The Freedom of Forgiveness
By Joel Kime
November 3, 1991, was a beautiful fall day—cool, clear, and crisp. After church my brother, Jeff, and I shoveled down dinner and rushed out the door to play football with our youth group. Along the way to the game, we picked up some friends. Though only 17, I thought I was the best driver in the nation as I steered our car on to a local country road.
We crested a small hill and saw an Amish horse and buggy ahead of us (a common sight in Lancaster, PA.). I thought to myself, “I’m going to blow by these guys!”
I stomped on the gas, accelerating to 70-75 mph, steering the car into the left lane to pass the buggy. As we raced closer to the buggy, I will never, ever forget seeing the nose of the horse turning towards me, and I instantly knew they were trying to turn. I wasn’t even watching for their turn signal, nor did I see the small country road they were attempting to turn into.
Instinct took over as I slammed my foot down on the brake pedal. The brakes locked and the car skidded forward, tires screaming. We smashed into the buggy and I heard the pop of my windshield as it shattered into tiny pieces. The buggy flew over the top of my car and we rumbled to a stop in a field to the left. I wasn’t prepared for what I saw when I got out.
The man was yelling frantically, “Does anyone know CPR?” He was holding the crumpled form of the woman who had been his passenger. She had severe facial trauma and was convulsing.
My brother and his friend ran to a nearby farm to call 9-1-1 while my friend and I flagged down cars to get help.
A policeman and an ambulance arrived, with my dad not far behind. When the policeman took my statement, I blurted out all the details hoping to get the burden off my chest. I feared I was headed for jail. The policeman sent me home with my dad, saying he’d follow up soon.
As my dad drove home he said, “You've been through enough. We're not going to make it worse for you.” Once home, I spent the next half hour crying on my mom’s shoulder. As the news got out, family and friends showed their support by coming over to our house to pray. The situation was bad, but it was about to get worse.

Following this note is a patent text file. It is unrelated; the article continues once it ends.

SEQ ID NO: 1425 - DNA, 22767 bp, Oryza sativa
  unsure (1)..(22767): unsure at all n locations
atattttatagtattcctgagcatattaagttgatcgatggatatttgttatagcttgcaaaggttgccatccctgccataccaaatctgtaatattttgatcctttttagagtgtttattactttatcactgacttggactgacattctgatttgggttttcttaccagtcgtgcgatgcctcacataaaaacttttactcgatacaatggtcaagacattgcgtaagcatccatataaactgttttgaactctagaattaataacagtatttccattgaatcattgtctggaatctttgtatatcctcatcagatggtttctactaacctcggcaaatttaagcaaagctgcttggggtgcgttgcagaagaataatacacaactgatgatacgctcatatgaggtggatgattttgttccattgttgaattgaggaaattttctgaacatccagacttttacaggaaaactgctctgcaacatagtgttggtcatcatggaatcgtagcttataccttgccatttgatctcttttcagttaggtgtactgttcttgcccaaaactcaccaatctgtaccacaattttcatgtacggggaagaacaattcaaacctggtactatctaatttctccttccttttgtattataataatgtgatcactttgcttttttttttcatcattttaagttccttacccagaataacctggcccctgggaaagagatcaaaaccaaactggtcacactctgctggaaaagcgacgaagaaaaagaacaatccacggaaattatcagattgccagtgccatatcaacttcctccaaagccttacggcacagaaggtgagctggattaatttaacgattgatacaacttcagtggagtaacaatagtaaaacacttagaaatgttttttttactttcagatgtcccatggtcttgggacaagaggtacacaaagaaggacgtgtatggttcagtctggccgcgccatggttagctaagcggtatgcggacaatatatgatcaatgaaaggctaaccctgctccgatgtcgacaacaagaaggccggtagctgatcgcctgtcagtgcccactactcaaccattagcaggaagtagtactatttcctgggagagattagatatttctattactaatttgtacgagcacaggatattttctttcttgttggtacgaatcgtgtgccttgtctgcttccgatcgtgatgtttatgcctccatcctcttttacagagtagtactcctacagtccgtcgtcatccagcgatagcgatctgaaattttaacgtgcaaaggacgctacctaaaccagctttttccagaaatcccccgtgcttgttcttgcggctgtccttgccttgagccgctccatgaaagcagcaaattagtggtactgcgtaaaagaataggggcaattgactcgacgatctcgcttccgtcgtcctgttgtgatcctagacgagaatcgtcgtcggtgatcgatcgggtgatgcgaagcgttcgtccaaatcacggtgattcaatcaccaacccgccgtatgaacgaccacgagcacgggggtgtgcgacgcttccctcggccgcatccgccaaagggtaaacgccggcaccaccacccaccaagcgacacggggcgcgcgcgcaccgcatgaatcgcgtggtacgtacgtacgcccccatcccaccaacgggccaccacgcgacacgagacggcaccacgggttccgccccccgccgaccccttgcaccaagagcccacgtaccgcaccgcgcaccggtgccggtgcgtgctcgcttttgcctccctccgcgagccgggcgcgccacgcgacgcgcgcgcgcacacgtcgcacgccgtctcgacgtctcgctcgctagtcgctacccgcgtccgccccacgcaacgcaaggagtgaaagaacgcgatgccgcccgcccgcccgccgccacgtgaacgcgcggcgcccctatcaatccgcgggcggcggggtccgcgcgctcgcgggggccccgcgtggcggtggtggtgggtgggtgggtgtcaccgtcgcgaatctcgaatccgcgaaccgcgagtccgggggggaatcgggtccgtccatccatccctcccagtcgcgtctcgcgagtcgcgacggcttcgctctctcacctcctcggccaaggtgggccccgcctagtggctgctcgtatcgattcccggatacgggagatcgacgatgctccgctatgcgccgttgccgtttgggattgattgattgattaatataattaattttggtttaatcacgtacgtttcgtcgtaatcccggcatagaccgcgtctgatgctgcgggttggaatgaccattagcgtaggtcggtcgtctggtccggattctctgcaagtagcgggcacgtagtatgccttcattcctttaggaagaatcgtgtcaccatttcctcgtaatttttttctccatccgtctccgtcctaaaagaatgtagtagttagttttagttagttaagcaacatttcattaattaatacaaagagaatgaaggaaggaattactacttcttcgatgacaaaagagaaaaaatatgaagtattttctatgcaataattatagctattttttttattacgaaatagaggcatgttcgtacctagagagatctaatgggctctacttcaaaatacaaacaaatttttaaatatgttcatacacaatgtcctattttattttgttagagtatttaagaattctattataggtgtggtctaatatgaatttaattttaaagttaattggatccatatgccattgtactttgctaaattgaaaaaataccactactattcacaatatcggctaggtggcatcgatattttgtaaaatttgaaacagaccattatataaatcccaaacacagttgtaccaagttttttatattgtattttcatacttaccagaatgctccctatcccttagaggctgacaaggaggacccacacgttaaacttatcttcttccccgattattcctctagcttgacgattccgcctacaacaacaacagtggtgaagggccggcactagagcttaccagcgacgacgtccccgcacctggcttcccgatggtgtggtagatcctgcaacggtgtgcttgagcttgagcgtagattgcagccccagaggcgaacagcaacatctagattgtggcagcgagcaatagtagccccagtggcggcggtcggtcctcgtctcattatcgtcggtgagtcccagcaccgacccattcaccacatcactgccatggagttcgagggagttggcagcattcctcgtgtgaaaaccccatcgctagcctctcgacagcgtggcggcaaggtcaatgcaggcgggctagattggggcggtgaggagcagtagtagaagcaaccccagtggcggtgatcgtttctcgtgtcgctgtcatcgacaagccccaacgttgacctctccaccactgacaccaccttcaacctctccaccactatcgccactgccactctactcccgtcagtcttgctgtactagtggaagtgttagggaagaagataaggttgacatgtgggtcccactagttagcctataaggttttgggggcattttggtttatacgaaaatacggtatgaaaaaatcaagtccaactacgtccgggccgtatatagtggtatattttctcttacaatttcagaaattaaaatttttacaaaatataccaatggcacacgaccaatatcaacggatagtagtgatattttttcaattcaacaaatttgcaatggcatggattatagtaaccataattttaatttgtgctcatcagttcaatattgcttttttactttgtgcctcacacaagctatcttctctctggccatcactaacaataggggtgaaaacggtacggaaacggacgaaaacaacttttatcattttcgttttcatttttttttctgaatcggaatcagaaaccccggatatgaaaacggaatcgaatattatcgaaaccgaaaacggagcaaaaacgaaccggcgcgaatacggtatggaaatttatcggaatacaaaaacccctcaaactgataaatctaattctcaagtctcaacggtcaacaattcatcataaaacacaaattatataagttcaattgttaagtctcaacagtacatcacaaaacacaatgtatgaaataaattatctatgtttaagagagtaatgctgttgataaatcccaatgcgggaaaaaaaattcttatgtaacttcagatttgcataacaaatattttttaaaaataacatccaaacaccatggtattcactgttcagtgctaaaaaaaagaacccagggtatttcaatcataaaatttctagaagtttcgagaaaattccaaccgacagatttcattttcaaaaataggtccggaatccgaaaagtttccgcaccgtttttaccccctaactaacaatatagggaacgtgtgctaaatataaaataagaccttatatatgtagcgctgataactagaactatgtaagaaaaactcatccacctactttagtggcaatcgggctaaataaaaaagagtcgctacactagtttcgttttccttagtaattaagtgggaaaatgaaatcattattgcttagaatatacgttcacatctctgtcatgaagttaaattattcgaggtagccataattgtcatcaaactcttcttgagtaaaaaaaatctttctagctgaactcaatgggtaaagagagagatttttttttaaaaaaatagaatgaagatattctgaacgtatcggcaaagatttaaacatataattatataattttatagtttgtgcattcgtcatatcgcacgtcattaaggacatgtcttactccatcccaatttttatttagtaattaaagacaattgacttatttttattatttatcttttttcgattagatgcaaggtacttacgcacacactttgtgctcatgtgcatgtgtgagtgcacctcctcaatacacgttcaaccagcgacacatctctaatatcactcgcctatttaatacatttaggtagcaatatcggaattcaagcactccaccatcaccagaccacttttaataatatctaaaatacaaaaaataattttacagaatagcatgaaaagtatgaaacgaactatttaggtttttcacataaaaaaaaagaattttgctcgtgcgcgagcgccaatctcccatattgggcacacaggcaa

That evening, the police told us that the Amish woman had needed life support to stay alive, but since the Amish don't believe in life support, she died in the hospital. The Amish lady, he told us, was the man’s wife. Even worse, she was his new bride, and they were on their honeymoon. They had been married for 5 days; he was 21 years old, she was 19. Their wedding bliss was ruined. She was dead, and I had killed her. It was the worst day of my life.
That next evening, my parents decided we would attend the viewing. Nervous pain ripped my gut, and wild scenarios played out in my mind. Would these people come pouring out of their house with shotguns aimed at me? When we arrived at the farm, we saw Amish buggies parked all over the place, heightening my fear.
Then the moment came to enter the house. The young woman’s parents met us in the front room and wrapped their arms around me. Through tears I muttered how sorry I was, and they spoke the most incredible words to me, “We forgive you, we know it was God's time for her to die.” Then they went even further—they invited us over for dinner!
In another room the husband, Aaron Stoltzfus, stood beside the open casket of his wife, Sarah. Aaron, too, came to me with open arms.
“How can I ever repay you?” I said.
He simply forgave me. As we hugged, the freedom of forgiveness swept through me.
The Stoltzfuses had us over for dinner that next month, and never once showed any kind of resentment. On the contrary, it was the beginning of a meaningful relationship. In their forgiveness, they opened their home and hearts to us!
Still a minor, I was charged with vehicular homicide, which meant I would lose my driver’s license for three years, pay court costs, and be on probation until I completed 200 hours of community service.
To me, with Sarah’s life gone because of my actions, it was an extremely lenient sentence. To the Stoltzfuses, it served as another instance to demonstrate forgiveness. They wrote letters to the judge asking for my pardon! Because of the severity of the crime, however, the judge gave me the complete sentence which I served in full.
The freedom of forgiveness requires follow-up, restoring a broken relationship or creating a new one, no matter how difficult. Our relationship with the Stoltzfus family continues to grow. We’ve visited every year near the anniversary of the accident.
My wife and I even invited them to our wedding and they came. Only five years earlier I shattered their hopes and dreams, yet they joined us in celebrating ours.
The Stoltzfuses have taught me that forgiveness is not always a one-time event, but ongoing. Through their consistent forgiveness, I now understand what Jesus meant when He said we should forgive others “seventy times seven” (Matthew 18:22).
You can read Joel's complete & powerful story here.
Joel and his wife Michelle started at Faith Church in October 2002, and he became senior pastor in July 2008. Joel graduated from Lancaster Bible College and Evangelical Theological Seminary. Prior to coming to Faith Church as Youth/Associate Pastor, they served one year as church-planting missionaries in Kingston, Jamaica. They are the parents of four children. In his free time, Joel will probably be reading a book, listening to U2 or REM, playing sports or Legos with his kids, enjoying a movie with Michelle or rooting for the Phillies or Redskins! More likely you'll find Michelle and Joel talking about God's heart for the oppressed and how Americans can live the Gospel. They are so excited about how Faith Church is becoming a church that beats after God's heart, removing the chains of injustice, freeing the captives, preaching the good news, feeding the poor, discipling the believers, praying for the world.